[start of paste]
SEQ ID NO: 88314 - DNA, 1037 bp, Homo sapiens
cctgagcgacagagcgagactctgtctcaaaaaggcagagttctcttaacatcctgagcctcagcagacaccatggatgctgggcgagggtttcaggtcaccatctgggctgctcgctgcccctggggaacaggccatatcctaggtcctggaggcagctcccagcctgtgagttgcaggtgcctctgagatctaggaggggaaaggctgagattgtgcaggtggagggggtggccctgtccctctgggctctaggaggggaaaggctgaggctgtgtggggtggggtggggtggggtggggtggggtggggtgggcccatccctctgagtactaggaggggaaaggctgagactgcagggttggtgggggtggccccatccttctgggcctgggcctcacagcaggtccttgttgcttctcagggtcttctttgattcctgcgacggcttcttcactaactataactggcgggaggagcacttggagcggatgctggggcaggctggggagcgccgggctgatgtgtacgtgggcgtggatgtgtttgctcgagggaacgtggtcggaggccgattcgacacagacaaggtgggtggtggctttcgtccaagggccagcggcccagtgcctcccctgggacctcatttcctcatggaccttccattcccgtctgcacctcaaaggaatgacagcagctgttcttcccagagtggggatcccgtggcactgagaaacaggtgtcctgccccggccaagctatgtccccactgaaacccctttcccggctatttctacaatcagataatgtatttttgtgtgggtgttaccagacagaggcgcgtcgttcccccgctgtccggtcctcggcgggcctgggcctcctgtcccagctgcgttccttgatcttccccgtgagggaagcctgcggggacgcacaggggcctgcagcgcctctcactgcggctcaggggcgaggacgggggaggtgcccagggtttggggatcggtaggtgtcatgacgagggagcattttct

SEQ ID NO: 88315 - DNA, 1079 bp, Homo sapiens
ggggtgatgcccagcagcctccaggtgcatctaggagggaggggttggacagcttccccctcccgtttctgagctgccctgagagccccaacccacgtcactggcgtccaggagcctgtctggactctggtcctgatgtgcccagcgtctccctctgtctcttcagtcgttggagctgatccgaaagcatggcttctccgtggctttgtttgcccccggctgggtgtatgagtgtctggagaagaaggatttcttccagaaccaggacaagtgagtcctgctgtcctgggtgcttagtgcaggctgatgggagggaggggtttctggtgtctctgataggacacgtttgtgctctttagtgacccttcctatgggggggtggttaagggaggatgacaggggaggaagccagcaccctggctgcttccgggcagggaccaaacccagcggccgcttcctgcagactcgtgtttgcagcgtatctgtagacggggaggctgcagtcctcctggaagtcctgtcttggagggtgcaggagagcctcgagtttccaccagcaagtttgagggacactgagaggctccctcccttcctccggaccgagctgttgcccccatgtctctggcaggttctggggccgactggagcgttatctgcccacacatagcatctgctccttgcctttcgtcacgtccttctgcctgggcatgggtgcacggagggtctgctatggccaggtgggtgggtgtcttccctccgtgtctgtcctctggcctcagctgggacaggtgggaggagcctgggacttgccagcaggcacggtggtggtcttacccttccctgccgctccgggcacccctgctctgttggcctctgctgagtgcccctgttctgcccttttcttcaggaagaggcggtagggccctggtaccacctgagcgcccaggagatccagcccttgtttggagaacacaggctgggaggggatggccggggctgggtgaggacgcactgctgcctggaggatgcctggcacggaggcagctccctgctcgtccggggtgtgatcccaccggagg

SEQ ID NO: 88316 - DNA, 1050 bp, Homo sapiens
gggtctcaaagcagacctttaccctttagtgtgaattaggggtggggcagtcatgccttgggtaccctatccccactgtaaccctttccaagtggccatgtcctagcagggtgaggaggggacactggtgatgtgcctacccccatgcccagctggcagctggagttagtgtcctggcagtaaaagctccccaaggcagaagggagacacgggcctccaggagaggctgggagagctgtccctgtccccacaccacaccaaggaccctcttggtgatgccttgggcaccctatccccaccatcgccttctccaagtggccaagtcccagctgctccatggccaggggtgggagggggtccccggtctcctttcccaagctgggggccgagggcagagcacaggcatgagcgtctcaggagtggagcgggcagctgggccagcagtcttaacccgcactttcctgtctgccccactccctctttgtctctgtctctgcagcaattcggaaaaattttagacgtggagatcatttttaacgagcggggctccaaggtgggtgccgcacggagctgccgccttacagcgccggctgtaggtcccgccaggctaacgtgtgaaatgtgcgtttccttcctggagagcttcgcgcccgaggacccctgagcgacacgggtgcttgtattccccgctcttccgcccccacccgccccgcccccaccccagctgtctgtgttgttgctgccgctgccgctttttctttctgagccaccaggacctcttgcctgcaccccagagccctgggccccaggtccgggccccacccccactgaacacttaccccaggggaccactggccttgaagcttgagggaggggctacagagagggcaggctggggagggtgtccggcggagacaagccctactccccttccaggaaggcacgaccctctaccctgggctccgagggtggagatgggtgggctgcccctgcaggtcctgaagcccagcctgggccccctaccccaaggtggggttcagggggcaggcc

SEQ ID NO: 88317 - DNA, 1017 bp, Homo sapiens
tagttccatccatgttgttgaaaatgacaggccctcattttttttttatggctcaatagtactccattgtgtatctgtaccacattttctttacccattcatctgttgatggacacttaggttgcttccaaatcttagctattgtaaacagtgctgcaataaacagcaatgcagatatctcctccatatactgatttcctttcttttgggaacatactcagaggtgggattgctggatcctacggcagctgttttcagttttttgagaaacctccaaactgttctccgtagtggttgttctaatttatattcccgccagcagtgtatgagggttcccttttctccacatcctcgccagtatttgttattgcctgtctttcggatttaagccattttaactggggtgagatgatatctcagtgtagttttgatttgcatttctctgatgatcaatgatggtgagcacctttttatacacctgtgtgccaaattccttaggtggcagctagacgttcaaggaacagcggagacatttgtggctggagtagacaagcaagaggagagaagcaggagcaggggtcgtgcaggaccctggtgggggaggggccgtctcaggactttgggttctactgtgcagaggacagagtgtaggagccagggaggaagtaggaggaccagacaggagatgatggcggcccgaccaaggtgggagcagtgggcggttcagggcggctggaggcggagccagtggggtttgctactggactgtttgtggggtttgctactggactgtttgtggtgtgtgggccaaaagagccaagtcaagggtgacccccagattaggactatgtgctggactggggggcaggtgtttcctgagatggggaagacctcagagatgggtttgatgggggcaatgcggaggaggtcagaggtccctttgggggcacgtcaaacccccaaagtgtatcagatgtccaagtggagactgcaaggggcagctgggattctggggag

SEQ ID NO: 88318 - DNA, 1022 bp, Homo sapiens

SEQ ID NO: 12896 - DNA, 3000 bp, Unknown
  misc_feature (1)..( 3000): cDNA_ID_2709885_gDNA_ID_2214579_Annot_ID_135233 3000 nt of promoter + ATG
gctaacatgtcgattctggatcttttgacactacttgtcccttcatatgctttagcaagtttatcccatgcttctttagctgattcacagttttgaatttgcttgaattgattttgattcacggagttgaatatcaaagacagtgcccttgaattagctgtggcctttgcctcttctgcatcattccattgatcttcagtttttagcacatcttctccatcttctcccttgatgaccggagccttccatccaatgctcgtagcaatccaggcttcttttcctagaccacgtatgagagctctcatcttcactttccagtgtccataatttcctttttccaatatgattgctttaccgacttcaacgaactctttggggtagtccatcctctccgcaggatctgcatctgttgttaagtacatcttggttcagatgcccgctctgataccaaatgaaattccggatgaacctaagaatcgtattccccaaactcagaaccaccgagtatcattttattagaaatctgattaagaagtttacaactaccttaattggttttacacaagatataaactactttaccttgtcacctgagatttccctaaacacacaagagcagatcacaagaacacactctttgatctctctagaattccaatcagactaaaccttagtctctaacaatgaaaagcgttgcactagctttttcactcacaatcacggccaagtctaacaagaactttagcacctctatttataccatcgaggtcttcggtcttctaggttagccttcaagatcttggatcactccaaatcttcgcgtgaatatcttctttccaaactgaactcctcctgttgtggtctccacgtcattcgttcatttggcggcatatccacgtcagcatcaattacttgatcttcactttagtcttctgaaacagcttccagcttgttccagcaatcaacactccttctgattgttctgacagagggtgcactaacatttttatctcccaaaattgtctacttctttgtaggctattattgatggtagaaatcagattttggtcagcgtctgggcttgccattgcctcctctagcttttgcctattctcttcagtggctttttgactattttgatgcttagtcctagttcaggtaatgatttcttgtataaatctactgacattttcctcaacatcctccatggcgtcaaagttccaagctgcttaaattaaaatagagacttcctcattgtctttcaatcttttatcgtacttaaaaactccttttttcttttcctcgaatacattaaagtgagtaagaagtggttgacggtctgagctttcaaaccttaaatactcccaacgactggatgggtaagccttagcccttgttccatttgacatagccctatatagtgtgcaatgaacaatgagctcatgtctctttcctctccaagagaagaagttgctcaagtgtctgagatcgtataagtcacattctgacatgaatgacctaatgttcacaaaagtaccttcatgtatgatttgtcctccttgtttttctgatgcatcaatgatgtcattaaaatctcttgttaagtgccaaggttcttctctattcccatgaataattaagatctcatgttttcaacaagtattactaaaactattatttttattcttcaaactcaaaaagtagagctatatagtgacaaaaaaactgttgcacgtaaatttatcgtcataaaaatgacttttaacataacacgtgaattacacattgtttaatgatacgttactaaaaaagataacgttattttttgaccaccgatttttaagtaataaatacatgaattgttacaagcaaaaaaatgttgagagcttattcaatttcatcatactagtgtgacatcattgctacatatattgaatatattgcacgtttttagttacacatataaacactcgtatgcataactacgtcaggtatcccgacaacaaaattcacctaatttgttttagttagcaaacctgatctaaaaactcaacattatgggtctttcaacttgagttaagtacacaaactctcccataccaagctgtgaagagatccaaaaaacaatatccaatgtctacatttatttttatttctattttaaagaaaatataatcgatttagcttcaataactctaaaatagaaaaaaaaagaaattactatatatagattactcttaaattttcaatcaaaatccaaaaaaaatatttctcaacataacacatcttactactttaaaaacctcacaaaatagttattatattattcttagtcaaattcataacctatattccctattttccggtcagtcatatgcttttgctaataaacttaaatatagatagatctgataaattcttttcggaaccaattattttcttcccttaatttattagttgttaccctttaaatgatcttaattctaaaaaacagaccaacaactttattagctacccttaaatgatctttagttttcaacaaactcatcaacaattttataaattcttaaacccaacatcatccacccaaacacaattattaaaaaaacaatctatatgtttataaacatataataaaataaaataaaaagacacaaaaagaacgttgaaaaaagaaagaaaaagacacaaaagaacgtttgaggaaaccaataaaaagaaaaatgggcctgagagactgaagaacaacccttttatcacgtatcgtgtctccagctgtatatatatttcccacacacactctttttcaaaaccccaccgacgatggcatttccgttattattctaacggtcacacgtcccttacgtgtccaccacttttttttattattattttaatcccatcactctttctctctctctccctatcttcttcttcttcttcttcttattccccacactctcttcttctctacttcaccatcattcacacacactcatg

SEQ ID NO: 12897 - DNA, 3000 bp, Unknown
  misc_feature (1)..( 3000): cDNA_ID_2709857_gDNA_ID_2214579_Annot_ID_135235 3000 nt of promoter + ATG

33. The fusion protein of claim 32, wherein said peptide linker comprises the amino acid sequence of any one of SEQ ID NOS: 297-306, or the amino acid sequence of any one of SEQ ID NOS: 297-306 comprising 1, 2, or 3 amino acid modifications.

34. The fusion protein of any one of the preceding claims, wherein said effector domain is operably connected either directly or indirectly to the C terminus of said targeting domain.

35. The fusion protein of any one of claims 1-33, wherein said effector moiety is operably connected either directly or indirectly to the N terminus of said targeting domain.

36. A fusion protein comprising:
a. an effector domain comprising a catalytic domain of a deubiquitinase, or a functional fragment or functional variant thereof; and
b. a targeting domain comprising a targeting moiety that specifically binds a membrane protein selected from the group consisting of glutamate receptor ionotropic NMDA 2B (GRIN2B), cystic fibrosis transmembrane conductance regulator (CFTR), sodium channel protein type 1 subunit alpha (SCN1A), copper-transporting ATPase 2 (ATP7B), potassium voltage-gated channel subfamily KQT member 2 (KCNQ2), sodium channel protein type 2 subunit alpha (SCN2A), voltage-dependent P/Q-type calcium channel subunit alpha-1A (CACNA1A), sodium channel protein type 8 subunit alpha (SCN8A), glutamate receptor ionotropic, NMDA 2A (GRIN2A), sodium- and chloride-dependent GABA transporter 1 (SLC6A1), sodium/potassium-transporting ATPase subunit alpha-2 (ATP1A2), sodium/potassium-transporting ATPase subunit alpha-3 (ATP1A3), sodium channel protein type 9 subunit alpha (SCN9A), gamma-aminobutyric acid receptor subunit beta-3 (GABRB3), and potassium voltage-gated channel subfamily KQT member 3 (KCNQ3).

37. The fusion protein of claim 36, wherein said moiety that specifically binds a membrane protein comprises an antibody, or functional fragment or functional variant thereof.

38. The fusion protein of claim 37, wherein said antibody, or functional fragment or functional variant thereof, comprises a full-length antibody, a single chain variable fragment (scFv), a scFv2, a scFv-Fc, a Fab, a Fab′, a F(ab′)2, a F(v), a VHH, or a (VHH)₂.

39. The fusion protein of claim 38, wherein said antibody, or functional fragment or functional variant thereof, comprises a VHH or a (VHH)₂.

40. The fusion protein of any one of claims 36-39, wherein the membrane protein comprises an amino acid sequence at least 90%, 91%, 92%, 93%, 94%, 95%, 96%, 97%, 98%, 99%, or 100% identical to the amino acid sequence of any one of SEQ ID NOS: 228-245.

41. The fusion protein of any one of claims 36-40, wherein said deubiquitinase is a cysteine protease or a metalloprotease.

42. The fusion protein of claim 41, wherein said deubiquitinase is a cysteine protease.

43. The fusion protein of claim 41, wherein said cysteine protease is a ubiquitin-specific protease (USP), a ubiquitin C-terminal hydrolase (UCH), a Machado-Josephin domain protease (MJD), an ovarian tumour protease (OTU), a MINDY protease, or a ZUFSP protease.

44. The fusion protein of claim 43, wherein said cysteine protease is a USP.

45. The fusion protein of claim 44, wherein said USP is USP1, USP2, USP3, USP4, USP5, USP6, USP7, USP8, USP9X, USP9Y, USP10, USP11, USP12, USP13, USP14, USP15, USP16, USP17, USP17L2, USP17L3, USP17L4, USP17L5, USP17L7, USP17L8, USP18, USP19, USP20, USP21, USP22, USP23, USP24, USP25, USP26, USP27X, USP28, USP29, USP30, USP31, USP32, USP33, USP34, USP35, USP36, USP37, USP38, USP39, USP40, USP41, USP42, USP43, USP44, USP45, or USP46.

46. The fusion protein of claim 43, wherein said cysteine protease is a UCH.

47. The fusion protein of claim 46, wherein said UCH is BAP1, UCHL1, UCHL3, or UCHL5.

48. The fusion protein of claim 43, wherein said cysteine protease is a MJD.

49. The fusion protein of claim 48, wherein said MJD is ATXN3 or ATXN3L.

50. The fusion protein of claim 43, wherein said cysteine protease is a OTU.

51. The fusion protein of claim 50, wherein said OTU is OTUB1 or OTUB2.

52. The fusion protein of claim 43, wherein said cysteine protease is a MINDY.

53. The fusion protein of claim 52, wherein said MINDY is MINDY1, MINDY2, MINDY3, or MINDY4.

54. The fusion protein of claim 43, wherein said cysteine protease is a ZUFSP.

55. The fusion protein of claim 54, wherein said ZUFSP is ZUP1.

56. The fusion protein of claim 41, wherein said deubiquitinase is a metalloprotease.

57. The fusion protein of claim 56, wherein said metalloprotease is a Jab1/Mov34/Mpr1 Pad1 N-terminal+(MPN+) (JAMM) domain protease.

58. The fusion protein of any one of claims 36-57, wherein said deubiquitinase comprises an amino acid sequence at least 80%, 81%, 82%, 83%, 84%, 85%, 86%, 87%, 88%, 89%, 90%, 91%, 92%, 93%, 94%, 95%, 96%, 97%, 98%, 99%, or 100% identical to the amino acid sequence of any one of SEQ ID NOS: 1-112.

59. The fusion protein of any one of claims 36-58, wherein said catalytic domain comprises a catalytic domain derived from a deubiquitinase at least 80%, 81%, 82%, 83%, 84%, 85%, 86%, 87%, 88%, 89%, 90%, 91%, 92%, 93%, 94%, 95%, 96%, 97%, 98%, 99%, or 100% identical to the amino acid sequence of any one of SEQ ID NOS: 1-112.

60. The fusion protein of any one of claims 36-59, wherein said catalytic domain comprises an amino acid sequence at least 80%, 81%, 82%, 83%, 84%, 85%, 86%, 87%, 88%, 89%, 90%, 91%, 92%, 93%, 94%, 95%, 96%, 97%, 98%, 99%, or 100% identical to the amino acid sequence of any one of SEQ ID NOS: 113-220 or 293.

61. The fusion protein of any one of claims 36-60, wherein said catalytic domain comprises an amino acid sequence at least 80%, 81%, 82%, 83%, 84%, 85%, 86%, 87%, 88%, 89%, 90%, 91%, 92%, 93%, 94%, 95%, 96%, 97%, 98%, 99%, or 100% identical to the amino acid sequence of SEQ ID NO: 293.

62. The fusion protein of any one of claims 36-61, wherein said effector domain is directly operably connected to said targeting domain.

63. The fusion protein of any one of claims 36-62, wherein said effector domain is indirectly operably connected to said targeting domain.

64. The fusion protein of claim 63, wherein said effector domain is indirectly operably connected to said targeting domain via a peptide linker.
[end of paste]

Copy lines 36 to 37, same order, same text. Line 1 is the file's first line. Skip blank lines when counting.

52. The fusion protein of claim 43, wherein said cysteine protease is a MINDY.

53. The fusion protein of claim 52, wherein said MINDY is MINDY1, MINDY2, MINDY3, or MINDY4.